Imagine how any decent person would feel if their child came home from school with a history book that devoted a number of chapters to Nazi Germany from 1930 to 1945 but left out details of the Holocaust and never mentioned the brutality and barbarity of their military conquests. Now imagine a further insult: The American and European efforts to vanquish this evil are given short shrift.
Then suppose you were told that if you objected to this travesty, that you were intolerant and a Naziphobe - how would you feel?
Well, it happened in Florida regarding Islam:
What to you want to bet this is one of the Saudi government supplied (free of charge) textbooks? Two Brevard School Board members are reviewing a world history textbook used in ninth grade Advance Placement classes amid concerns that it is biased in favor of Islam — at the expense of Christianity and Judaism.
Florida Today: House Representative Ritch Workman and individuals from two citizens groups spoke against the textbook, Prentice Hall World History, at the Brevard School Board meeting Tuesday, citing examples of phrases and passages they believe show bias.
“Our children deserve facts and accuracy, not history being revised for our own failure or desire to not offend one culture or another,” said Workman, a Republican from Melbourne.
The textbook, which has been used in Brevard for the past three years, devotes a chapter to Islam, with sections including the rise of Islam and the building of the Muslim empire. Conversely, Christianity and Judaism do not have their own chapters and instead are referenced in paragraphs embedded in other sections.
Workman also expressed concern about how historic events are portrayed and what phrases are used. For example, he said the textbook reads Jesus proclaims himself to be the Messiah but declares Muhammad becomes a prophet.
Fortunately for students the Florida Legislature passed a school textbook bill last week that would give parents a chance to object to textbooks used at public schools (1).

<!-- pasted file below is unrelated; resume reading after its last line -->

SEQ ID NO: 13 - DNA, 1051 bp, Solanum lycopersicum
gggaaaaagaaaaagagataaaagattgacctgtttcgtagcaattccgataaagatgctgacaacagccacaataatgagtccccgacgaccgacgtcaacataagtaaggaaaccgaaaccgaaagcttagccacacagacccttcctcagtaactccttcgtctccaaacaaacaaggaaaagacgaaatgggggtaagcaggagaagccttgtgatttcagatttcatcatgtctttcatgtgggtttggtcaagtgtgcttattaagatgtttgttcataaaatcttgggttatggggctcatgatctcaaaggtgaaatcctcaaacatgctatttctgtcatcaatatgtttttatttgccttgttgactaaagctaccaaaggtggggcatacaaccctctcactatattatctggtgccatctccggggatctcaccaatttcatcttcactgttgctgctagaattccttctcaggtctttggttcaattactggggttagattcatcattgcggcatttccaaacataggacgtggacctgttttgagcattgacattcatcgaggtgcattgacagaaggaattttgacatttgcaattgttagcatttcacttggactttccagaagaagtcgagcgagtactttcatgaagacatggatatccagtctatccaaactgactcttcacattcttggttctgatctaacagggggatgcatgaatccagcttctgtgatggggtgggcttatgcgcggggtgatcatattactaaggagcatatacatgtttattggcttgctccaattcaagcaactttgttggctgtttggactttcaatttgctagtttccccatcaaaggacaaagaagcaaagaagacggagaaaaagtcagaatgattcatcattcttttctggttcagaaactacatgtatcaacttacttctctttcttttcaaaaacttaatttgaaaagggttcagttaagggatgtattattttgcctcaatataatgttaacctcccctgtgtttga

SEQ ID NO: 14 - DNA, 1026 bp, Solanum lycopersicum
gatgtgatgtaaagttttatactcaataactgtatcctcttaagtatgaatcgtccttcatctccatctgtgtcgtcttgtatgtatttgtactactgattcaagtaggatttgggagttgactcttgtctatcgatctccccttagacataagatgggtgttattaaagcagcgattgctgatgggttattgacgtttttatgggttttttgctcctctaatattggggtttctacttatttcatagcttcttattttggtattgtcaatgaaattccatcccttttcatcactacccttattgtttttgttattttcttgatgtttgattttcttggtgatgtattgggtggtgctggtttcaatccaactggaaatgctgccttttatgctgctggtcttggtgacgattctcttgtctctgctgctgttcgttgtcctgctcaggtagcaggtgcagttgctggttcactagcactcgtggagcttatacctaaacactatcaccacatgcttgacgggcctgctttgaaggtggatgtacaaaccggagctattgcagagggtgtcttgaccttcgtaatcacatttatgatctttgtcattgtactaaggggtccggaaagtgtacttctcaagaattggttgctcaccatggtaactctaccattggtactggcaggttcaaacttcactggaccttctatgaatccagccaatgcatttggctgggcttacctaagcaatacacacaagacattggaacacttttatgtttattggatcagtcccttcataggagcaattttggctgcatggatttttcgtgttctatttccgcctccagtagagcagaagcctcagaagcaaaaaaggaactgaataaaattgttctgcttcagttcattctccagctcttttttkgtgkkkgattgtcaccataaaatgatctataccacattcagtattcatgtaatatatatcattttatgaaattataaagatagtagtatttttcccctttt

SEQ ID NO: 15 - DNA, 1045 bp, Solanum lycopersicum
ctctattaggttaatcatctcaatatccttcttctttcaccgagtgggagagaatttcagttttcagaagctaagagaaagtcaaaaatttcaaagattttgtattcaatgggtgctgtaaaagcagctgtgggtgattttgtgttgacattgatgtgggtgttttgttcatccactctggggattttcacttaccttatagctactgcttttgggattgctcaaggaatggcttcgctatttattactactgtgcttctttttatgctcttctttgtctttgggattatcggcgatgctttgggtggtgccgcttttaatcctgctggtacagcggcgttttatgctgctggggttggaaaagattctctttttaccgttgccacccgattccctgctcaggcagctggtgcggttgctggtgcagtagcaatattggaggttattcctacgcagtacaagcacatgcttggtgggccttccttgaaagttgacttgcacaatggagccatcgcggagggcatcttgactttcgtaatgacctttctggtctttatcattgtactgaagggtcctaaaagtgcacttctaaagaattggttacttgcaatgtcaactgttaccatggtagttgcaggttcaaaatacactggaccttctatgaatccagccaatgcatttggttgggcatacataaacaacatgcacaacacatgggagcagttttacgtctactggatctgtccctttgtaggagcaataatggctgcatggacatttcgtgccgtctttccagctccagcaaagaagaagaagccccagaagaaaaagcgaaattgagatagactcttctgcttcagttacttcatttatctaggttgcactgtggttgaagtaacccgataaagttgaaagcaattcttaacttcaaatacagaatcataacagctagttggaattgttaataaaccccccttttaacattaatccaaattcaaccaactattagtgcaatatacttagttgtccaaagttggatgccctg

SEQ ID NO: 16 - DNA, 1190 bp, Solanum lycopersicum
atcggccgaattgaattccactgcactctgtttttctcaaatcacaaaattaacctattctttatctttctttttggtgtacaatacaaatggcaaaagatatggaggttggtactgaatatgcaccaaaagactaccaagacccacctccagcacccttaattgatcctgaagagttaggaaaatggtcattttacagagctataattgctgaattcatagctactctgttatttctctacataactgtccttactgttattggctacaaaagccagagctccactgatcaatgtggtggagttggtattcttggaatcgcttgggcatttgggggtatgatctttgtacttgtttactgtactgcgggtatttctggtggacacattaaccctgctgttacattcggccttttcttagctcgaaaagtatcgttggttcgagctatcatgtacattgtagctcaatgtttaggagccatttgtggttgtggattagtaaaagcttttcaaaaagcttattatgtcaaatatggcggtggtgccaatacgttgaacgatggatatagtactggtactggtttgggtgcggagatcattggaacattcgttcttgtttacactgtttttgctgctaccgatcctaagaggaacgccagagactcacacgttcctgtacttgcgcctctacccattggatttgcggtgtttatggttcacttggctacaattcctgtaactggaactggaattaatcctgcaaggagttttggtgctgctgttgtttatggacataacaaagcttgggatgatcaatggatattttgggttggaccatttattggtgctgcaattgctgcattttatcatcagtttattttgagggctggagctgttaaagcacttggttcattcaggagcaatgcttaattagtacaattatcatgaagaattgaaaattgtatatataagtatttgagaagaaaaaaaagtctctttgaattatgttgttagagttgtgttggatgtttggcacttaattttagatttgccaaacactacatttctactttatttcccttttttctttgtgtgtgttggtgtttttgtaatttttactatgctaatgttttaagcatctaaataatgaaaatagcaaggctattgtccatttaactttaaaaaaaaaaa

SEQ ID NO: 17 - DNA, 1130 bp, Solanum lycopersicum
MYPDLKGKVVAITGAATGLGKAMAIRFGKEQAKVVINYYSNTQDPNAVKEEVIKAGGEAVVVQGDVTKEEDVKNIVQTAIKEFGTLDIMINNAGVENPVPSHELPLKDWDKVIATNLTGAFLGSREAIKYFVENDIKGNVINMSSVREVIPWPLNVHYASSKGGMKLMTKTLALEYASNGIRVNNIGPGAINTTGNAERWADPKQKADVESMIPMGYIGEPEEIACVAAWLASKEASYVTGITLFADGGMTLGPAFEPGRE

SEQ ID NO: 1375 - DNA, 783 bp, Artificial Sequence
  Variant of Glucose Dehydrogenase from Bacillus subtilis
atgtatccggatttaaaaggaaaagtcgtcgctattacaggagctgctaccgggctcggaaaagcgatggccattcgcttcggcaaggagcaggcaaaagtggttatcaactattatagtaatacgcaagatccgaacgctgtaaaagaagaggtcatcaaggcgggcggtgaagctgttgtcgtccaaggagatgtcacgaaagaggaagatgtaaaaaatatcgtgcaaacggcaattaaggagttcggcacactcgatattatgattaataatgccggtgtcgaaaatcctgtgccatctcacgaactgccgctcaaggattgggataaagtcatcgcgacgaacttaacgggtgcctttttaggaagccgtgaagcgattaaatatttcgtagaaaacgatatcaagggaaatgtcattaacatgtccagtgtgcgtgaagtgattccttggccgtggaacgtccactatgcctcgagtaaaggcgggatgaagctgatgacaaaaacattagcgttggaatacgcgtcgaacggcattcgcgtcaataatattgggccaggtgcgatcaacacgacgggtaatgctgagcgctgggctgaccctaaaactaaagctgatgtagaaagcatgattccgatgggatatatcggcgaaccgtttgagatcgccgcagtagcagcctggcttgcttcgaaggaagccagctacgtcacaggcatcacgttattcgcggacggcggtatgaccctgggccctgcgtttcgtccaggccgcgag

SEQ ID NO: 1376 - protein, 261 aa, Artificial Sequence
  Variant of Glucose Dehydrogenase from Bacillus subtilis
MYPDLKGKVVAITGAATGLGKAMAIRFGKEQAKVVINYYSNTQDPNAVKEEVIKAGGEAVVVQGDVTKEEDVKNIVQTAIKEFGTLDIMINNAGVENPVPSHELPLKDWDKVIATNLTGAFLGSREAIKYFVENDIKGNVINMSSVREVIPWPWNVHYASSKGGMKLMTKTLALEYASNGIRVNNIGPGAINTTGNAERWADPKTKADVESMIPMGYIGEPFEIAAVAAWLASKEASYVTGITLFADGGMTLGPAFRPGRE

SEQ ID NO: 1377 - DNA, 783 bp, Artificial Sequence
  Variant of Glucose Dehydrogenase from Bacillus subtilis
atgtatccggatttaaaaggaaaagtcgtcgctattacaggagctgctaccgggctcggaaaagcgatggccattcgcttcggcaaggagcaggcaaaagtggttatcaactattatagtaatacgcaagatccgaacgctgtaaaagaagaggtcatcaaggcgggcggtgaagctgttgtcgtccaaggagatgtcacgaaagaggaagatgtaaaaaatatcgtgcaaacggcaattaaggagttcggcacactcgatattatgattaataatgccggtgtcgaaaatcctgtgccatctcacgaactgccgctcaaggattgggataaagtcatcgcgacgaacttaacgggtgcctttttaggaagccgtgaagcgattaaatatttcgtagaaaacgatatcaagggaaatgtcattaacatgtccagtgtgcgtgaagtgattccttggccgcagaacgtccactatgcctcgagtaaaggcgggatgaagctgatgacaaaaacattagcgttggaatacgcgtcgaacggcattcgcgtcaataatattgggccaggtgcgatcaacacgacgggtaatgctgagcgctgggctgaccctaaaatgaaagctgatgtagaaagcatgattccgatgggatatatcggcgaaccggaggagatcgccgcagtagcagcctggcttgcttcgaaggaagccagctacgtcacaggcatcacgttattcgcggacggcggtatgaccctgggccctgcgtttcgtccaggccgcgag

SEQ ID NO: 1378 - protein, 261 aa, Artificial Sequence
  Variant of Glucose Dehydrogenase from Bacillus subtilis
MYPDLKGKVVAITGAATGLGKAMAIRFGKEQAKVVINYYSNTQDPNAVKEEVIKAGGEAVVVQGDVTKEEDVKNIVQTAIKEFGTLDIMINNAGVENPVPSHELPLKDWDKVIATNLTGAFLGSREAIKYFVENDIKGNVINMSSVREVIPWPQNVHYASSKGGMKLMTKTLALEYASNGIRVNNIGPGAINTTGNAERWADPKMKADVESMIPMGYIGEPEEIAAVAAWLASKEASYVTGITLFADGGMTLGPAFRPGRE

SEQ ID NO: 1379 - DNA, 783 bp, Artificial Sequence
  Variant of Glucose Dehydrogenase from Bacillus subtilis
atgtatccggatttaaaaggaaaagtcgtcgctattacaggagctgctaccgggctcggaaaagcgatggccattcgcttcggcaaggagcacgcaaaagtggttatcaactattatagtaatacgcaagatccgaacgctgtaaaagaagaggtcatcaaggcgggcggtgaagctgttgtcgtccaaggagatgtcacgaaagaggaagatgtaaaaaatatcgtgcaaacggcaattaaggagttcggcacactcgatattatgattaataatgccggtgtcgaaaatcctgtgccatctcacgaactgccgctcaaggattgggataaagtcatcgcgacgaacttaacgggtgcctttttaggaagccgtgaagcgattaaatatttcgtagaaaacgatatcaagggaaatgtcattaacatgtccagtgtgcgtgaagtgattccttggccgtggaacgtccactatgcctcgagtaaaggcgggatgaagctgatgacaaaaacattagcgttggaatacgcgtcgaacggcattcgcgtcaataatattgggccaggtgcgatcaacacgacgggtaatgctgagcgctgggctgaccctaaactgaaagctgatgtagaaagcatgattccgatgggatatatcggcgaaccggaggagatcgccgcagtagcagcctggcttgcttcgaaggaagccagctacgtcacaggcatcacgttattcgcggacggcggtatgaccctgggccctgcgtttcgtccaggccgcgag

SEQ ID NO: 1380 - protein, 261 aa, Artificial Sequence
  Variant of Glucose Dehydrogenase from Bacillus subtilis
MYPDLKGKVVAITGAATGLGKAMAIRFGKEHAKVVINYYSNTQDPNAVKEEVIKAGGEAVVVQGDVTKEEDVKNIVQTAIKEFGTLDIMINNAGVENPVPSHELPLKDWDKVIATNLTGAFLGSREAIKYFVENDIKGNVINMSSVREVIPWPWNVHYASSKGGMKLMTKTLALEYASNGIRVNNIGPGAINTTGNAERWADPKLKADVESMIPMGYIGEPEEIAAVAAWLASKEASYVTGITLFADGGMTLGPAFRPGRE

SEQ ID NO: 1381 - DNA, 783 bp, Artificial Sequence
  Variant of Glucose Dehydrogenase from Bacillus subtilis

As usual, the Florida chapter of the terror-aligned Council on American-Islamic Relations (CAIR-FL) called those who object to Islamic propaganda as bigoted and Islamophobic (2).
Let me be clear, I do not want books banned nor do I want to censor educational textbooks - what I want is balance. I don't mind hundreds of pages devoted to Islam as long as the truth, the entire truth, is told about that vile cult. As I wrote in a comment at Bare Naked Islam:
I believe we should have a 1001 pages about Islam in our history textbooks – but only if they print the truth about Islam’s butchery, savagery, subjugation of women and children, the beheading of those who merely want to change their religion, the stoning of women who report they were raped, the murder of hundreds of millions, the forced conversions of even more, the razing of an entire country, the current persecution of Christians in every Muslim land, and the pedophilia and brutality of their most esteemed prophet.
If it’s not the truth, then don’t waste money and paper printing lies.
MiamiHerald.com, 1 May 2014, Fla. Legislature passes school textbook bill
TALLAHASSEE, Fla. -- Parents would have a chance to object to textbooks used at public schools under a bill passed Thursday by the Florida Legislature.
The bill was inspired both by ongoing criticisms about the state's transition to new school standards as well as a dispute in Volusia County over a textbook that some parents wanted pulled over complaints that it offered a pro-Islamic worldview.
But the legislation will not eliminate state review of textbooks as originally sought by sponsors of the bill. Instead, school boards will continue to decide whether to review textbooks locally, or continue to rely on the state-approved list.
Sen. Alan Hays, R-Umatilla and sponsor of the bill, said it would finally give parents a way to object to textbooks without having to complain to legislators or state education officials.
"They don't have to come to Tallahassee," Hays said. "They can appeal right there at the local level."
The Senate in April narrowly passed a bill sponsored by Hays that would have mandated that each school district review and choose textbooks.